It sounds like you'll be hunting close to the truck for a while. That needn't be too much of a handicap. I've hunted as close as 40 yards from the truck and gotten two of my biggest bucks that way.
Remember that this is all a game of probabilities and tendencies, not hard-fast calculations. Bucks are a lot like sub-atomic particles. You can never predict their movements and their exact position with certainty. Heisenberg, the father of Quantum Mechanics could have been a deer hunter. If you think of it that way, it is easier for your gut to take it, and the recriminations of second guessing are kept to a minimum.
For those of you who do not mix particle physics with deer hunting, let me explain. There is a probability that a deer is in its bed. You can calculate that if you know when it last fed. The deer may be feeding; there is a probability for that. It may be on the move between bed and food. There is a probability that the deer is in your living room. It is small, but calculable based on observed data. A good physicist or a good deer hunter can only calculate the most likely spot a particle or a deer can be. If you decide the deer is going to be somewhere and it is not, you have just conducted an experiment. You have added data to your base of knowledge. It does not mean the experiment has failed.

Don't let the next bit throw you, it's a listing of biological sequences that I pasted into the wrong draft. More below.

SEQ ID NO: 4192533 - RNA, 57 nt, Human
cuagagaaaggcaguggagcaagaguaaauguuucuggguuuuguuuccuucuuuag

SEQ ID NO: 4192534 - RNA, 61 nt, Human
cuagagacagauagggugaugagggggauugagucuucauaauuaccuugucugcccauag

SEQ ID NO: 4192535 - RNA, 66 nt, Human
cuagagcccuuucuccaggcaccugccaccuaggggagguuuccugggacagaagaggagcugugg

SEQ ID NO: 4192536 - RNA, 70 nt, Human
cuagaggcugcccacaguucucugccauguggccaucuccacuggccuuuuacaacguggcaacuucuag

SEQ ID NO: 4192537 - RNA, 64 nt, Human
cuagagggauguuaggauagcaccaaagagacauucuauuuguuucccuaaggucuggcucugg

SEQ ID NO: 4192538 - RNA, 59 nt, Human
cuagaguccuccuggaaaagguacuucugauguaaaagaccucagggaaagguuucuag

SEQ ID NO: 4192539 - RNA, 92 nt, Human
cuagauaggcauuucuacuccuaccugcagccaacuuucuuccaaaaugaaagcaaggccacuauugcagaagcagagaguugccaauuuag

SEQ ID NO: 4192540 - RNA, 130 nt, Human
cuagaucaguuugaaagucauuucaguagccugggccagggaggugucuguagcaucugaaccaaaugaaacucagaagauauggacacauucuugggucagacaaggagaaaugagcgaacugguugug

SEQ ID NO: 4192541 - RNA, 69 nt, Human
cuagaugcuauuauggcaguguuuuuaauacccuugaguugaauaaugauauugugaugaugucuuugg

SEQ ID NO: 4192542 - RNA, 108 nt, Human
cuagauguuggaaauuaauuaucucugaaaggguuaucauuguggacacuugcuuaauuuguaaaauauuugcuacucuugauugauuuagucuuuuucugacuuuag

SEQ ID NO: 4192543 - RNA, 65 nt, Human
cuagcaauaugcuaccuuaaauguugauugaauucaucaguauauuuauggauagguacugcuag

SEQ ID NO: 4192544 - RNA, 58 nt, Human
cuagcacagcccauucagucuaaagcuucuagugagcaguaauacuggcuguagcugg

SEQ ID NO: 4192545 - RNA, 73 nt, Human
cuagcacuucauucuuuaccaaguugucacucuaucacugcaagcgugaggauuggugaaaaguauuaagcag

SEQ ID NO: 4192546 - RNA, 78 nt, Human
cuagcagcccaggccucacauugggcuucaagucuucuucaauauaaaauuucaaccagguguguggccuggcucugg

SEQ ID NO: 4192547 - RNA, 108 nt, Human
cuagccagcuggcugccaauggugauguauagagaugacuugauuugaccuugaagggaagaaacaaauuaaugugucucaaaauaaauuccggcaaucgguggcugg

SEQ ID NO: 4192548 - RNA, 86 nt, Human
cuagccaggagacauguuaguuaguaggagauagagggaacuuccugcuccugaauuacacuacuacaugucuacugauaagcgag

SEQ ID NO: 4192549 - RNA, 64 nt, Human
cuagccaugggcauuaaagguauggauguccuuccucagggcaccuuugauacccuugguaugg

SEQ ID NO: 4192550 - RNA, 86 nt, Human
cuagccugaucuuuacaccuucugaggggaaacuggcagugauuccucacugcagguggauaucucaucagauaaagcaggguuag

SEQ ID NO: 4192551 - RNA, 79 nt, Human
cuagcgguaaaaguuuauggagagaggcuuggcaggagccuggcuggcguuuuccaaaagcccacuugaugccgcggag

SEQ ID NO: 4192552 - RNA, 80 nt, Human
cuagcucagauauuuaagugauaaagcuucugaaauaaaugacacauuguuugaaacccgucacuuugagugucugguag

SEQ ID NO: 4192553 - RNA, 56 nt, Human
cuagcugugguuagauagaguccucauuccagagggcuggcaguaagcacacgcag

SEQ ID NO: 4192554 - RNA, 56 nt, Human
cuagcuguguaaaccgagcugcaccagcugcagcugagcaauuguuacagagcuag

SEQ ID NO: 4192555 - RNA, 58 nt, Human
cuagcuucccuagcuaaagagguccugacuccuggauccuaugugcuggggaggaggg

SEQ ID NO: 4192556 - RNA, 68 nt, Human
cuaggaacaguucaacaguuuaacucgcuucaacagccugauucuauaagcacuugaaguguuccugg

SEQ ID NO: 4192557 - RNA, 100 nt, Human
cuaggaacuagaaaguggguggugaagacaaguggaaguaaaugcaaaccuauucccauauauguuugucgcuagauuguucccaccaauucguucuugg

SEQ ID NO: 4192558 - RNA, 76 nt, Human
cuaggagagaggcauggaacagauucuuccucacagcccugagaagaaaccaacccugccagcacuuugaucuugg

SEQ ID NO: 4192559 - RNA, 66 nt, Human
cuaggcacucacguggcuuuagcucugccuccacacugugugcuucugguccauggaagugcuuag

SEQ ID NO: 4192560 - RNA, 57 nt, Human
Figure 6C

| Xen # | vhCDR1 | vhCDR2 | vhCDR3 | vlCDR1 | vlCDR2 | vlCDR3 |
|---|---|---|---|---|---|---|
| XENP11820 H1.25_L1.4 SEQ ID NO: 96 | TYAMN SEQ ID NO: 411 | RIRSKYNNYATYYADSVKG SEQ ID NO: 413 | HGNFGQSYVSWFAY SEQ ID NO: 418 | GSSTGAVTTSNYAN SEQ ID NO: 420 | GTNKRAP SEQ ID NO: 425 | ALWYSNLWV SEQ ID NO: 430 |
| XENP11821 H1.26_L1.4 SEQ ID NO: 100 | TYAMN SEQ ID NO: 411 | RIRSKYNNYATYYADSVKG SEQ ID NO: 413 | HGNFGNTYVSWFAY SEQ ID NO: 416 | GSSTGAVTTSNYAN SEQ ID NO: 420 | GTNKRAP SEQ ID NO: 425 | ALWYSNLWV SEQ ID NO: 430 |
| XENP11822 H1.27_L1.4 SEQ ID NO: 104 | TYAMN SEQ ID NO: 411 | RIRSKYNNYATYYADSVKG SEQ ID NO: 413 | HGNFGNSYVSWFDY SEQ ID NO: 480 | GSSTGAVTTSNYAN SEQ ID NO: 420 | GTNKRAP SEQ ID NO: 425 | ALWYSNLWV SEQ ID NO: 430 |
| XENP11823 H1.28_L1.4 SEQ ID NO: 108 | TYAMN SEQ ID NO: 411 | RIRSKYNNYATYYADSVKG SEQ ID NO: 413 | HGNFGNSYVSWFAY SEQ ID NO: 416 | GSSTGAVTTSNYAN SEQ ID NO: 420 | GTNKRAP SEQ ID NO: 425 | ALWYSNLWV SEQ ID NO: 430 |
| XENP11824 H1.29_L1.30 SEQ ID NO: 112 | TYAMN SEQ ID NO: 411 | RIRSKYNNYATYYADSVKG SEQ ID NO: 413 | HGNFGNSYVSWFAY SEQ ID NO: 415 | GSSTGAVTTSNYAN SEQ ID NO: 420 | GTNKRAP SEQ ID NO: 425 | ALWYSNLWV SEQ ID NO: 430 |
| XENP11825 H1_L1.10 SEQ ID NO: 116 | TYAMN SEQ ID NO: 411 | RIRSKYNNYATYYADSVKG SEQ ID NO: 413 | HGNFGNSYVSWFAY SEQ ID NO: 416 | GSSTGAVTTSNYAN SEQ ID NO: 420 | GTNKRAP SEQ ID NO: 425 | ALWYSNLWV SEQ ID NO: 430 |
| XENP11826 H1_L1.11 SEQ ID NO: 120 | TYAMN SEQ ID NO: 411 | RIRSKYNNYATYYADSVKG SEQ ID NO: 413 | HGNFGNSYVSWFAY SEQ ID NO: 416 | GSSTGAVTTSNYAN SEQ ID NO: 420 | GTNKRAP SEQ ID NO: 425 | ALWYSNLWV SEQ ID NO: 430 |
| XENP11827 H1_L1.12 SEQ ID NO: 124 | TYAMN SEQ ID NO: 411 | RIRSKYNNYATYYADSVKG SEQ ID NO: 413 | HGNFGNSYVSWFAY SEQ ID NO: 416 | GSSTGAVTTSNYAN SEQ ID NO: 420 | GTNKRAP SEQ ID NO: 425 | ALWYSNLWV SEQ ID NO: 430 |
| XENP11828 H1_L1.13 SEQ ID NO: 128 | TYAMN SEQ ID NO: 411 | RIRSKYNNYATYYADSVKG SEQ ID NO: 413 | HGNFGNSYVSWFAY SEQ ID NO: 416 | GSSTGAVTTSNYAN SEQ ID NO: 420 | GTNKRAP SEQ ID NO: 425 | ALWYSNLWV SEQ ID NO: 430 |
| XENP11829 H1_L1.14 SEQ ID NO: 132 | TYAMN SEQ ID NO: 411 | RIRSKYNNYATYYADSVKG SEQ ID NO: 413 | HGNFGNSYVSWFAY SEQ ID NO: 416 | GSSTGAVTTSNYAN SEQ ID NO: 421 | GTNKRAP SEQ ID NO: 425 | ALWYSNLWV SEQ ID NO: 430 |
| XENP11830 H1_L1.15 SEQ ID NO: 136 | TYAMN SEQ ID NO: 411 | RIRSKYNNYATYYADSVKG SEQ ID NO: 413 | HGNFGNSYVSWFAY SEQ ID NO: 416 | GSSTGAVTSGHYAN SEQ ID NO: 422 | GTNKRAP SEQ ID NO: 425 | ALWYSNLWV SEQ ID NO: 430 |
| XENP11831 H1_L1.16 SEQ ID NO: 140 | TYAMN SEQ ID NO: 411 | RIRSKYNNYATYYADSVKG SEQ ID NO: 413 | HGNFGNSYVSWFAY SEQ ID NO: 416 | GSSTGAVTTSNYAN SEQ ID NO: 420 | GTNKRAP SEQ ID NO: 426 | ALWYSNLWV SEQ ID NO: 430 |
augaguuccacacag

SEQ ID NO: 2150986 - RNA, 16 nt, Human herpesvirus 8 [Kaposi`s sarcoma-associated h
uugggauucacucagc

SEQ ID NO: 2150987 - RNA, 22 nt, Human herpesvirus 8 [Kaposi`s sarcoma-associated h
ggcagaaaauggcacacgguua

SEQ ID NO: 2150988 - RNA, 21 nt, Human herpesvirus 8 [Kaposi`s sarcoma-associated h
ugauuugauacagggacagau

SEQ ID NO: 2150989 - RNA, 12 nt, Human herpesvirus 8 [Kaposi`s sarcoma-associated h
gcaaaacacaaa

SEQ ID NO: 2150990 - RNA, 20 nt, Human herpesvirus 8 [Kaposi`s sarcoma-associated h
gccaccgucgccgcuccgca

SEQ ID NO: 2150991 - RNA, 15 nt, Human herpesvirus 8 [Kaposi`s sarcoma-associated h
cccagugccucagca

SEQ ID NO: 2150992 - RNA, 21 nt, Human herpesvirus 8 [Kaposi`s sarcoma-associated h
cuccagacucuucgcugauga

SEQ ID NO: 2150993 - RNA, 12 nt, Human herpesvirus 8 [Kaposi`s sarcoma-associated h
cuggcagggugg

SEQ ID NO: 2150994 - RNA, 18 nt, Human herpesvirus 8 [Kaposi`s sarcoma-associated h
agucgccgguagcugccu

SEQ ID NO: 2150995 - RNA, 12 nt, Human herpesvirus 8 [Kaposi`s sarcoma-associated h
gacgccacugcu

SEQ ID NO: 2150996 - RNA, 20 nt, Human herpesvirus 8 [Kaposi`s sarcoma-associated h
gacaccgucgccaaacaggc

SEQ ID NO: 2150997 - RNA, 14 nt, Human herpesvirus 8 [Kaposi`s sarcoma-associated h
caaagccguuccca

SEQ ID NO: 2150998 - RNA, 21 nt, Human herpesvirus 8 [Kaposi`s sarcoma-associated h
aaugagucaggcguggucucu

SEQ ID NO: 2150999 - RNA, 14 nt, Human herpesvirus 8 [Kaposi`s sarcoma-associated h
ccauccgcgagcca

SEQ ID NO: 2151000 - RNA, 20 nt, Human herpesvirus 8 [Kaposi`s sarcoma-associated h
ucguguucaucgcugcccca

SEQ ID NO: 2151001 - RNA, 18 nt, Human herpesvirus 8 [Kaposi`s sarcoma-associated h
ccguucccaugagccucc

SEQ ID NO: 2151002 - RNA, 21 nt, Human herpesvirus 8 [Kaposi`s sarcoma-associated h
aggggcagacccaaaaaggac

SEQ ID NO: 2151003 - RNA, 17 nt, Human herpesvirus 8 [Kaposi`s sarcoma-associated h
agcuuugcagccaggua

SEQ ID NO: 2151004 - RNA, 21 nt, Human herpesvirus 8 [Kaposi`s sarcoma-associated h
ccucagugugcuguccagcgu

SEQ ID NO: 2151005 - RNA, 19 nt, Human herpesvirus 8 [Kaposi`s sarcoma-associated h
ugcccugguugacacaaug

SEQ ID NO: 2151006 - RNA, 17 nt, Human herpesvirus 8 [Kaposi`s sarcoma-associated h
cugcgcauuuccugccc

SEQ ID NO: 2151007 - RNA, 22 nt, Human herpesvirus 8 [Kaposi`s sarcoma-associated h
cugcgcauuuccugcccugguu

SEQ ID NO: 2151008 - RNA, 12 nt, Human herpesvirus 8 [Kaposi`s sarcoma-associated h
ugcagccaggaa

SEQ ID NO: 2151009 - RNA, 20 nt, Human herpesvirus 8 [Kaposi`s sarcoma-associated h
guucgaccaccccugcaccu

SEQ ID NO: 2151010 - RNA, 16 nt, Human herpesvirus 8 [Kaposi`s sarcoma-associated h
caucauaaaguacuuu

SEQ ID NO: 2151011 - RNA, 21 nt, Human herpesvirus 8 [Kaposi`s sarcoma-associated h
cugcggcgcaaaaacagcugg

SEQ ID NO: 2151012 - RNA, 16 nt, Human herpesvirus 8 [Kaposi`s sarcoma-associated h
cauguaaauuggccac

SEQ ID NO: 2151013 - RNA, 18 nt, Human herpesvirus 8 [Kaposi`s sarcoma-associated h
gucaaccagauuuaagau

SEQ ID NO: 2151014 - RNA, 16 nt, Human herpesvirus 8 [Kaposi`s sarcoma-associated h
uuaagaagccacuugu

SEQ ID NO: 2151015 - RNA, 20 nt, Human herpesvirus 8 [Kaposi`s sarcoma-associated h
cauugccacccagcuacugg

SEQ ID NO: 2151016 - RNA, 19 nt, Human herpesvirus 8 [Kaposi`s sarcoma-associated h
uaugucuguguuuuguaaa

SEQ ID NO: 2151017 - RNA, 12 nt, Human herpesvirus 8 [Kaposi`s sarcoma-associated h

When you, Luvhuntin, say that you've narrowed things down to a few funnels and pinch points, you are describing an experiment. You will test the hypothesis that deer moving from one energy state to another (feed to bed or bed to feed) will transition through a given field (gee, even the terms seem to blur) Okay. Go test that hypothesis. If they don't show up, go look for why they did not show up and form a new hypothesis to test.
The only room that then leaves for second-guessing is if you see that the mountain of experience you have amassed so far indicates you go one place, and you go taking off in another direction, because your gut tells you to. You can hunt in your Living Room. A deer may end up there, but the probability is very low.
Take yesterday for an example. Angus (#3 son) and I were out for KY Yute Season. It's mid-October. The rut is not fired up yet, but bucks are beginning to trail doe. I wanted Angus to get a chance to see deer. We could have been in the stands near the acorn trees. That was where they were feeding. However, I knew the deer would undoubtedly show themselves in the fields as well. I picked a ground blind overlooking two fields with productive oak trees along the edges. Sure enough, the deer stayed back in the woods for the most part, but they came out three times into the fields over the course of Saturday. All told, we probably saw a dozen deer. Two were bucks and there was another one that came by the blind a couple of times and grunted, but did not show himself for a shot. If I had gone to the stands by the acorn producing trees we might have seen deer or we might not.